Buyers Guide

Table of Contents

The MQ Patrol is a fantastic 4wd for almost any requirement. They have been used and proven all around the world in roles such as daily drivers, competition trucks, fire trucks and they have even been used by armies!

Today, MQ/MKs still keep up with the latest 4wd’s off-road. Whilst they may not be as ‘flash’ and have all the gadgets and luxuries, they get the job done. The MQ is definitely a KISS car - “Keep it simple, Stupid!” - and it has a large and loyal following. Read some opinions here.

Simple mechanics and simple styling, what is not to like about an MQ Patrol?

  • Cheap to buy
  • Cheap to fix
  • Easy to fix
  • Very capable
  • Strong drive-line

Quick Facts

Don’t know anything about a MQ Patrol? This section will give you a quick and dirty overview.

The MQ Patrol was released in early 1980. The MQ is easily identified by its round headlights. It was available in a few body styles, including 2 door short wheel base (normally a 4 seater with removable canopy), 4 door long wheel base (5 seater van or 7 seater wagon) and utes.

3 engines were available; the L28 and P40, which were straight 6 petrol engines, and the SD33, a straight 6 diesel engine. The L28 is very common and known for its high-revving abilities. The P40 is not very common, and compared to the L28 it is like a ‘big-block’, making large amounts of torque at low RPM. The SD33 is a strong engine, with heaps of torque, but a little lacking in power. All the engines are very reliable if serviced and maintained regularly, and will do hundreds of thousands of kilometers.

The standard gearbox was the 4 speed manual. An automatic was available in L28 LWB only. All vehicles featured disc brake front and drum brakes on the rear. Manual steering was the standard, but power steering was available. Other optional extras included air conditioning, suspension seats, swing-away spare wheel and jerry-can holder, and the wide wheel pack (with steel flares). There were also a few different trim levels, mainly a budget version with vinyl floors, or the deluxe version with carpet floors. They were available in brown or blue.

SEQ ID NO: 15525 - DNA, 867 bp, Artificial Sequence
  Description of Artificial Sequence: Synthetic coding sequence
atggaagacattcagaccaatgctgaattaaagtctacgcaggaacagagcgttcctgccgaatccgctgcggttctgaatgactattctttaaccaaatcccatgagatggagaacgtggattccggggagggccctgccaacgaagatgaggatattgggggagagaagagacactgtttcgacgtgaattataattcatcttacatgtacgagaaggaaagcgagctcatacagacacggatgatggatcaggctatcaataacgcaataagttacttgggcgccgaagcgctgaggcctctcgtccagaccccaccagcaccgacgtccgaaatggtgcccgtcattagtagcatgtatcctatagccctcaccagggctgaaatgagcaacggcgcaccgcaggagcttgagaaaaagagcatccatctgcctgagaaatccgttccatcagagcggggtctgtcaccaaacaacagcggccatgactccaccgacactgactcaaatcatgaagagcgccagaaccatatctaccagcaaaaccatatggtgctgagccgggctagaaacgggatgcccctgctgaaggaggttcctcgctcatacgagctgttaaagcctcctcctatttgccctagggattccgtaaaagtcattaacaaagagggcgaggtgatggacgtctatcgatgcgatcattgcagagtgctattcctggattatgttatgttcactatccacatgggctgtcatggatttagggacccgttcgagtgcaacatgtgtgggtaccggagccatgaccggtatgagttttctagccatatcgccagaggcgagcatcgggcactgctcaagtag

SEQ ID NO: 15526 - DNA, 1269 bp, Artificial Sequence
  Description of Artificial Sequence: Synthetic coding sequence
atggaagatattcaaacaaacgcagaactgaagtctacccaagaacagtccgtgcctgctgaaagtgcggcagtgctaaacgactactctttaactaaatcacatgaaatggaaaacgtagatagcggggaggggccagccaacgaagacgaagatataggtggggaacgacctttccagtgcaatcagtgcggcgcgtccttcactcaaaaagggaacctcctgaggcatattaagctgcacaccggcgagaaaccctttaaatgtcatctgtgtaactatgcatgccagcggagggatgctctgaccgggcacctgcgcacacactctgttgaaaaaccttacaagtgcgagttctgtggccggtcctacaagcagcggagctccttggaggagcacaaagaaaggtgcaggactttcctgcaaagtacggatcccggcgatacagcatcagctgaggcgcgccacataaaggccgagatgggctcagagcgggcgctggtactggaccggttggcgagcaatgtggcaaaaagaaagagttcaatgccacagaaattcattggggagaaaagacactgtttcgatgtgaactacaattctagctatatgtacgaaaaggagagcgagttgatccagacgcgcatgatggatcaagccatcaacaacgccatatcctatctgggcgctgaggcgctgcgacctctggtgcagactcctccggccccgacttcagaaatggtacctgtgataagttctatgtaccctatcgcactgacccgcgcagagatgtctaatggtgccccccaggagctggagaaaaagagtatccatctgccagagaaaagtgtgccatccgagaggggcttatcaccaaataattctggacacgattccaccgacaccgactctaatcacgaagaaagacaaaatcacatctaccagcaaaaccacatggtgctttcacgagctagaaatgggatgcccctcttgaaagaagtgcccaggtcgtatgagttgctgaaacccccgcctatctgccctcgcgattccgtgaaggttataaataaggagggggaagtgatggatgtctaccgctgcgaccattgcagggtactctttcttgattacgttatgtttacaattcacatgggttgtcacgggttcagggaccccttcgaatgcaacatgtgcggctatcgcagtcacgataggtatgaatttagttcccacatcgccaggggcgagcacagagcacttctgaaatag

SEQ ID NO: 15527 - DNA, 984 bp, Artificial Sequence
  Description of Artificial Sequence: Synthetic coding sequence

The MQ Patrol was updated in late 1983. This ‘series-2’ vehicle is often called the MK. It is identified by its rectangular headlights.

The MK bought numerous beneficial changes with it, such as improved suspension components and self adjusting drum-brakes. The SD33 was available with a turbo (the SD33T) and was also changed to a common 12 volt electrical system. This engine has gained a bit of a cult following, as it has ample power and loads of torque and can be easily modified. The 4 speed gearbox was also updated, and now featured an overdrive 5th gear. This greatly improved fuel economy and top speed.

As a result of the updates, the MK is definitely more desirable than an MQ, and often fetch higher $$$. Most parts are interchangeable though, so it is common to find an MQ that has been upgraded with a SD33T and 5 speed. The MK was discontinued in late 1987, when it was replaced by the GQ (Y60) Patrol in Australia and other parts of the world. In European countries, the MK lived on and was further updated, including new engines. This model is known as the 260 Patrol.

Things to Thoroughly Inspect

It is easy when buying a car, especially one of this vintage, to get caught up in the moment and end up buying a dud. It is best to spend a good deal of time thoroughly inspecting the vehicle, so you know what your getting yourself into. This way, you can save yourself from (or at least prepare for) unexpected breakages in the future. This section will prepare you with a good game plan for inspecting an MQ/MK, and give you a heads-up on some common problems.


It is recommended to buy an MQ that has the engine in it that you want. Converting petrol to diesel is not an easy proposition, requiring new engine and gearbox mounts on the chassis, as well as exhaust, drive-shaft and wiring changes. It is possible, but hardly worth the hassle.

Many MQ Patrols around the world have received engine conversions over the years. Common in Australia is to find a Patrol with Chev, Holden or Ford V8. If you are going to purchase a car with an engine conversion, you should check that it is all permitted, for peace of mind. Also pay extra attention to the engine and gearbox mounts, to make sure that no dodgy work has been performed. Other than that, the following tips should still apply.

It is recommended to begin an inspection with the engine off and cool. This can provide great incite into the condition and quality of the engine.

With The Engine Off

Remove the dipstick and inspect the oil. It should be black (or golden-brown if its very new), any other color could indicate head or gasket problems. If the oil is low, this could indicate a neglected engine or a leak. Visually inspect the oil filter, if it is old and worn, this could also indicate a neglected engine. Remove the rocker cover cap and look inside, it should be very clean. Any sludge type buildup indicates the engine has not been maintained.